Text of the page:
Saturday, January 12, 2008

If knowledge suffices then wisdom is superfluos

The least I seek here is to try to transmit wisdom, since I am too well aware of how correct Hermann Hesse was when in Siddhartha he wrote 'Wisdom is not communicable. The wisdom which a wise man tries to communicate always sounds foolish...Knowledge can be conveyed, but not wisdom."

And much less do I seek to transmit something as a wise man, since I recognize well the impossibility of being one; something clearly summarized by Socrates arguing that the only possible human wisdom is to know oneself not wise, or only possessing wisdom absolutely devoid of value.

But both you and I, perhaps not in our minds, but definitely in our hearts, nonetheless know, or intuit, or want to believe, there is someone who is wiser than other. Where? We do not know, surely not among the besserwisser. Where then? Assuming it has to do with God is a good start.

I say this because in a world with so much information and so much knowledge, time after time we face the dilemma of if knowledge is enough, then wisdom is superfluous and worthless; and I fear that those words contain the danger that we will get bogged down forever in a knowledge dictatorship.

With no doubt our society is being increasingly cornered by producers and worshipers of information and knowledge, who do not leave space enough for questioners to put their information and knowledge in a more correct perspective.

The above occurs in all fields. For example, in the financial area that is the only possible explanation for why our financial regulators so ingenuously assigned so much power of decision over the financial flows to some few and humanly fallible credit rating agencies.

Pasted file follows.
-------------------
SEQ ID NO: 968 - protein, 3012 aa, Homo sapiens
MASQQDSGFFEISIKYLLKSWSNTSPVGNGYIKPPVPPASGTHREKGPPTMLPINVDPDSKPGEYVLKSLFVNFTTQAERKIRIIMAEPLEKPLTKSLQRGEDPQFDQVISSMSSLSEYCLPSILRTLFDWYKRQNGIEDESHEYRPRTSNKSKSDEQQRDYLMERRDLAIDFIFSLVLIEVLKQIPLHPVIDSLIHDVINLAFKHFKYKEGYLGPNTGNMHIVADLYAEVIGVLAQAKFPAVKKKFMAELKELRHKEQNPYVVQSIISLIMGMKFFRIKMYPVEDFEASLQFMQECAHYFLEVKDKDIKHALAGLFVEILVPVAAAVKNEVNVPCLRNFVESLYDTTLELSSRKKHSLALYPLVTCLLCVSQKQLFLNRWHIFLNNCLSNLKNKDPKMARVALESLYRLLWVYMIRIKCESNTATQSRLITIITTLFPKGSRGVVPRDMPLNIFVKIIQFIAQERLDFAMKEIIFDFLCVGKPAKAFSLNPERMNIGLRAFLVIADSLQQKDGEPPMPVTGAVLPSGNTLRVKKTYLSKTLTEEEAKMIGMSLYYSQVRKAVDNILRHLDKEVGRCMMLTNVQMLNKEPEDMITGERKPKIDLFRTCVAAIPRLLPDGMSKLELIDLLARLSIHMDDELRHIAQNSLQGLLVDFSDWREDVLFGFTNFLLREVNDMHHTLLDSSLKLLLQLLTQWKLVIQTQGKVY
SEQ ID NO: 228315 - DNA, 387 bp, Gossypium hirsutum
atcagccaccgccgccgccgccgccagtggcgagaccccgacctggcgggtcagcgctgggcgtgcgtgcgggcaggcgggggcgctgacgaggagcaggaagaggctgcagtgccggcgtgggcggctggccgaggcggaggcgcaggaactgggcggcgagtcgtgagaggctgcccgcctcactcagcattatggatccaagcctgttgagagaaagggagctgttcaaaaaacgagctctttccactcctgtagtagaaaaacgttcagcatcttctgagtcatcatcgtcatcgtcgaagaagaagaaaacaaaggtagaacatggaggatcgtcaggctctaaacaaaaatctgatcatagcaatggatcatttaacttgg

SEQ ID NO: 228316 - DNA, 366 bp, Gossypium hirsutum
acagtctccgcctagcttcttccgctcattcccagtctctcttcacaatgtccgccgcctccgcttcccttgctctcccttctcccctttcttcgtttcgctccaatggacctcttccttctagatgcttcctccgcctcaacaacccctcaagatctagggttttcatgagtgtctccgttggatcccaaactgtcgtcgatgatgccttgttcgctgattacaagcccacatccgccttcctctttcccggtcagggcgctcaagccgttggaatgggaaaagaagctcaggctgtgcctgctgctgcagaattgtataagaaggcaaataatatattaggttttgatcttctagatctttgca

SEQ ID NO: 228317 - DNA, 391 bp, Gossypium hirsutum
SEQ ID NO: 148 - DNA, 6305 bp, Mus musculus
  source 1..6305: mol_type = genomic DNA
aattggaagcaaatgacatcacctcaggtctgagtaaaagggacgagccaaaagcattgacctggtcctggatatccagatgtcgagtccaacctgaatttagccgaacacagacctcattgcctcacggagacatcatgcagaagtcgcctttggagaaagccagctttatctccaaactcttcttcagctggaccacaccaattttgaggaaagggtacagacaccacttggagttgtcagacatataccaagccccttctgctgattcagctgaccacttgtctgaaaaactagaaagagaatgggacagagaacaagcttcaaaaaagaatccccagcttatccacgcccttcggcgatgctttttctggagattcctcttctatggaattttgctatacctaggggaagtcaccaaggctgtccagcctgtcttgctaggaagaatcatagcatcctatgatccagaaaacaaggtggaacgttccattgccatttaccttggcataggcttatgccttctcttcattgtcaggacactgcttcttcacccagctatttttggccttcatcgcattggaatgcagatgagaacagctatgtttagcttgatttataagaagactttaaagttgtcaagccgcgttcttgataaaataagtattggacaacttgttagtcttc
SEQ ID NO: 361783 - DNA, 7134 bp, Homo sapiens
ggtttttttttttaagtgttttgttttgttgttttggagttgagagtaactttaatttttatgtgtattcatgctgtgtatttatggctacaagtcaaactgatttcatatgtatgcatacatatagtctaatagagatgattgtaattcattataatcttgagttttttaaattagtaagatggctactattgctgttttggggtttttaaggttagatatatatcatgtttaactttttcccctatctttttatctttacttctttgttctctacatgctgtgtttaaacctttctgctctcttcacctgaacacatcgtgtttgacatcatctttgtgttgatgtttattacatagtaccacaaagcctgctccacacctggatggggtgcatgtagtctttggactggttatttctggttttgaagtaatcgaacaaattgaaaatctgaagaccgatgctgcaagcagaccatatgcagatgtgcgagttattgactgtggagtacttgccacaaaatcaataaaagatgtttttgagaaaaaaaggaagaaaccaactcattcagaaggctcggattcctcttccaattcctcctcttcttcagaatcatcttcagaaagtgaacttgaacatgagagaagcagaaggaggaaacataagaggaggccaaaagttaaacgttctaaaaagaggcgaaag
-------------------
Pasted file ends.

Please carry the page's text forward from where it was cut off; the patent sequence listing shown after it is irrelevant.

What a pity that nobody read to regulators from the Apology of Plato, where speaking as Socrates says. "Artisans have real knowledge of their arts, but take that to mean that they are most wise with respect to the most important matters”. As I see it this hubris filled petulance spoils all their knowledge. 

And how do we rid ourselves of that knowledge dictatorship without having, like some of our primitives, resort to that remedy worse than the disease that is the cult of dis-information and ignorance? 

That’s not easy, but at least I think we have a better chance of doing so if we can prevent the configuration of incestuous technocratic majorities in our decision-making bodies. Multidisciplinary teams, with great variety of experience and lots of humility, are the ones that should configure our boards and ministries.

I introduce the factor of humility, because one of the main reasons the world is going through current financial turbulence, is because many expert professionals simply did not know, or did not dare to recognize, as Socrates did, that they did not understand anything of what they were approving.

Friends, let us remember that not understanding what happens, not necessarily make us less aware of what is happening.